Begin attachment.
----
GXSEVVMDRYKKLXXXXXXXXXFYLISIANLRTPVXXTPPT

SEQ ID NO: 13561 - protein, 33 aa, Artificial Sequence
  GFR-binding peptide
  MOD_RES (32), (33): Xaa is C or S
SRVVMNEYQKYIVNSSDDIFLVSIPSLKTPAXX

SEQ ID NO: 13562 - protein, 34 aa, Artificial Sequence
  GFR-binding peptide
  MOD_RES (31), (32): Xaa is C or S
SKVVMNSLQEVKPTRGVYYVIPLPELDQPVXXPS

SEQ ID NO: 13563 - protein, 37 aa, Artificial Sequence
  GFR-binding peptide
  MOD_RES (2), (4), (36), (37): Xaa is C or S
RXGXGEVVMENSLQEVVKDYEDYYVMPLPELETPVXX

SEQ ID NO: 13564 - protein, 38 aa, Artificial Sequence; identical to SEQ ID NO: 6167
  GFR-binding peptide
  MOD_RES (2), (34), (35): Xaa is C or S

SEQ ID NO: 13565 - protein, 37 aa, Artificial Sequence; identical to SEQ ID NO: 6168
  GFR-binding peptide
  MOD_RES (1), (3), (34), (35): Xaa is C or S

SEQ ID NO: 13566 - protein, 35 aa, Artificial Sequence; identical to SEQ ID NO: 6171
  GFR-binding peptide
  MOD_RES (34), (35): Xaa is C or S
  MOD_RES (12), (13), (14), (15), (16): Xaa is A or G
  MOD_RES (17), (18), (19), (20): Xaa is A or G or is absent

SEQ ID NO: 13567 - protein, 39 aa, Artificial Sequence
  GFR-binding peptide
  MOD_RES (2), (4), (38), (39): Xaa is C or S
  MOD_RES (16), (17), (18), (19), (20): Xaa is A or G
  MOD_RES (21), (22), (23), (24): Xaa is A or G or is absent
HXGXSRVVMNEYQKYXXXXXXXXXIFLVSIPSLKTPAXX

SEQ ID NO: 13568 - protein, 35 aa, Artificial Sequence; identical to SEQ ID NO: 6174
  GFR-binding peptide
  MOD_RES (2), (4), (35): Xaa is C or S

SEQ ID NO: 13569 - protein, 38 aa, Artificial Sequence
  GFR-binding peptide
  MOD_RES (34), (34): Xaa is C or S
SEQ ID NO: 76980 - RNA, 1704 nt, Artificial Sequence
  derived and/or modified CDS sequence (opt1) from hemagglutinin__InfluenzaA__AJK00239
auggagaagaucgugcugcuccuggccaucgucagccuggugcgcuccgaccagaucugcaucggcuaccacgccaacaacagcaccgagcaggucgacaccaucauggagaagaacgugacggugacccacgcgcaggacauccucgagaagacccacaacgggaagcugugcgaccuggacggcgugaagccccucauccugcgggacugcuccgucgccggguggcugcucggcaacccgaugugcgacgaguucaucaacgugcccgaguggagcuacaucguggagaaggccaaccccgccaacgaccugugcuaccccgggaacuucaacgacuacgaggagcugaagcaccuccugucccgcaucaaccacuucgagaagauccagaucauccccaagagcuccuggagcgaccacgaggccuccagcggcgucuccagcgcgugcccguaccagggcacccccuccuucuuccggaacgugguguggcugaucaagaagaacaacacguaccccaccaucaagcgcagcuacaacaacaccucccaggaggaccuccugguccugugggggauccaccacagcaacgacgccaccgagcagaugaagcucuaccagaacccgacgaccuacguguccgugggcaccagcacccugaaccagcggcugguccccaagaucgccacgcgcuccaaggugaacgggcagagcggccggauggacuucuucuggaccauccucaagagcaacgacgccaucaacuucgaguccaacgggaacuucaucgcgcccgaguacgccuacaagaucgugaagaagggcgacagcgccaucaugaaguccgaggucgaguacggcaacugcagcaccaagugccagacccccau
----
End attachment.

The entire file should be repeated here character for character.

GXSEVVMDRYKKLXXXXXXXXXFYLISIANLRTPVXXTPPT

SEQ ID NO: 13561 - protein, 33 aa, Artificial Sequence
  GFR-binding peptide
  MOD_RES (32), (33): Xaa is C or S
SRVVMNEYQKYIVNSSDDIFLVSIPSLKTPAXX

SEQ ID NO: 13562 - protein, 34 aa, Artificial Sequence
  GFR-binding peptide
  MOD_RES (31), (32): Xaa is C or S
SKVVMNSLQEVKPTRGVYYVIPLPELDQPVXXPS

SEQ ID NO: 13563 - protein, 37 aa, Artificial Sequence
  GFR-binding peptide
  MOD_RES (2), (4), (36), (37): Xaa is C or S
RXGXGEVVMENSLQEVVKDYEDYYVMPLPELETPVXX

SEQ ID NO: 13564 - protein, 38 aa, Artificial Sequence; identical to SEQ ID NO: 6167
  GFR-binding peptide
  MOD_RES (2), (34), (35): Xaa is C or S

SEQ ID NO: 13565 - protein, 37 aa, Artificial Sequence; identical to SEQ ID NO: 6168
  GFR-binding peptide
  MOD_RES (1), (3), (34), (35): Xaa is C or S

SEQ ID NO: 13566 - protein, 35 aa, Artificial Sequence; identical to SEQ ID NO: 6171
  GFR-binding peptide
  MOD_RES (34), (35): Xaa is C or S
  MOD_RES (12), (13), (14), (15), (16): Xaa is A or G
  MOD_RES (17), (18), (19), (20): Xaa is A or G or is absent

SEQ ID NO: 13567 - protein, 39 aa, Artificial Sequence
  GFR-binding peptide
  MOD_RES (2), (4), (38), (39): Xaa is C or S
  MOD_RES (16), (17), (18), (19), (20): Xaa is A or G
  MOD_RES (21), (22), (23), (24): Xaa is A or G or is absent
HXGXSRVVMNEYQKYXXXXXXXXXIFLVSIPSLKTPAXX

SEQ ID NO: 13568 - protein, 35 aa, Artificial Sequence; identical to SEQ ID NO: 6174
  GFR-binding peptide
  MOD_RES (2), (4), (35): Xaa is C or S

SEQ ID NO: 13569 - protein, 38 aa, Artificial Sequence
  GFR-binding peptide
  MOD_RES (34), (34): Xaa is C or S
SEQ ID NO: 76980 - RNA, 1704 nt, Artificial Sequence
  derived and/or modified CDS sequence (opt1) from hemagglutinin__InfluenzaA__AJK00239
auggagaagaucgugcugcuccuggccaucgucagccuggugcgcuccgaccagaucugcaucggcuaccacgccaacaacagcaccgagcaggucgacaccaucauggagaagaacgugacggugacccacgcgcaggacauccucgagaagacccacaacgggaagcugugcgaccuggacggcgugaagccccucauccugcgggacugcuccgucgccggguggcugcucggcaacccgaugugcgacgaguucaucaacgugcccgaguggagcuacaucguggagaaggccaaccccgccaacgaccugugcuaccccgggaacuucaacgacuacgaggagcugaagcaccuccugucccgcaucaaccacuucgagaagauccagaucauccccaagagcuccuggagcgaccacgaggccuccagcggcgucuccagcgcgugcccguaccagggcacccccuccuucuuccggaacgugguguggcugaucaagaagaacaacacguaccccaccaucaagcgcagcuacaacaacaccucccaggaggaccuccugguccugugggggauccaccacagcaacgacgccaccgagcagaugaagcucuaccagaacccgacgaccuacguguccgugggcaccagcacccugaaccagcggcugguccccaagaucgccacgcgcuccaaggugaacgggcagagcggccggauggacuucuucuggaccauccucaagagcaacgacgccaucaacuucgaguccaacgggaacuucaucgcgcccgaguacgccuacaagaucgugaagaagggcgacagcgccaucaugaaguccgaggucgaguacggcaacugcagcaccaagugccagacccccau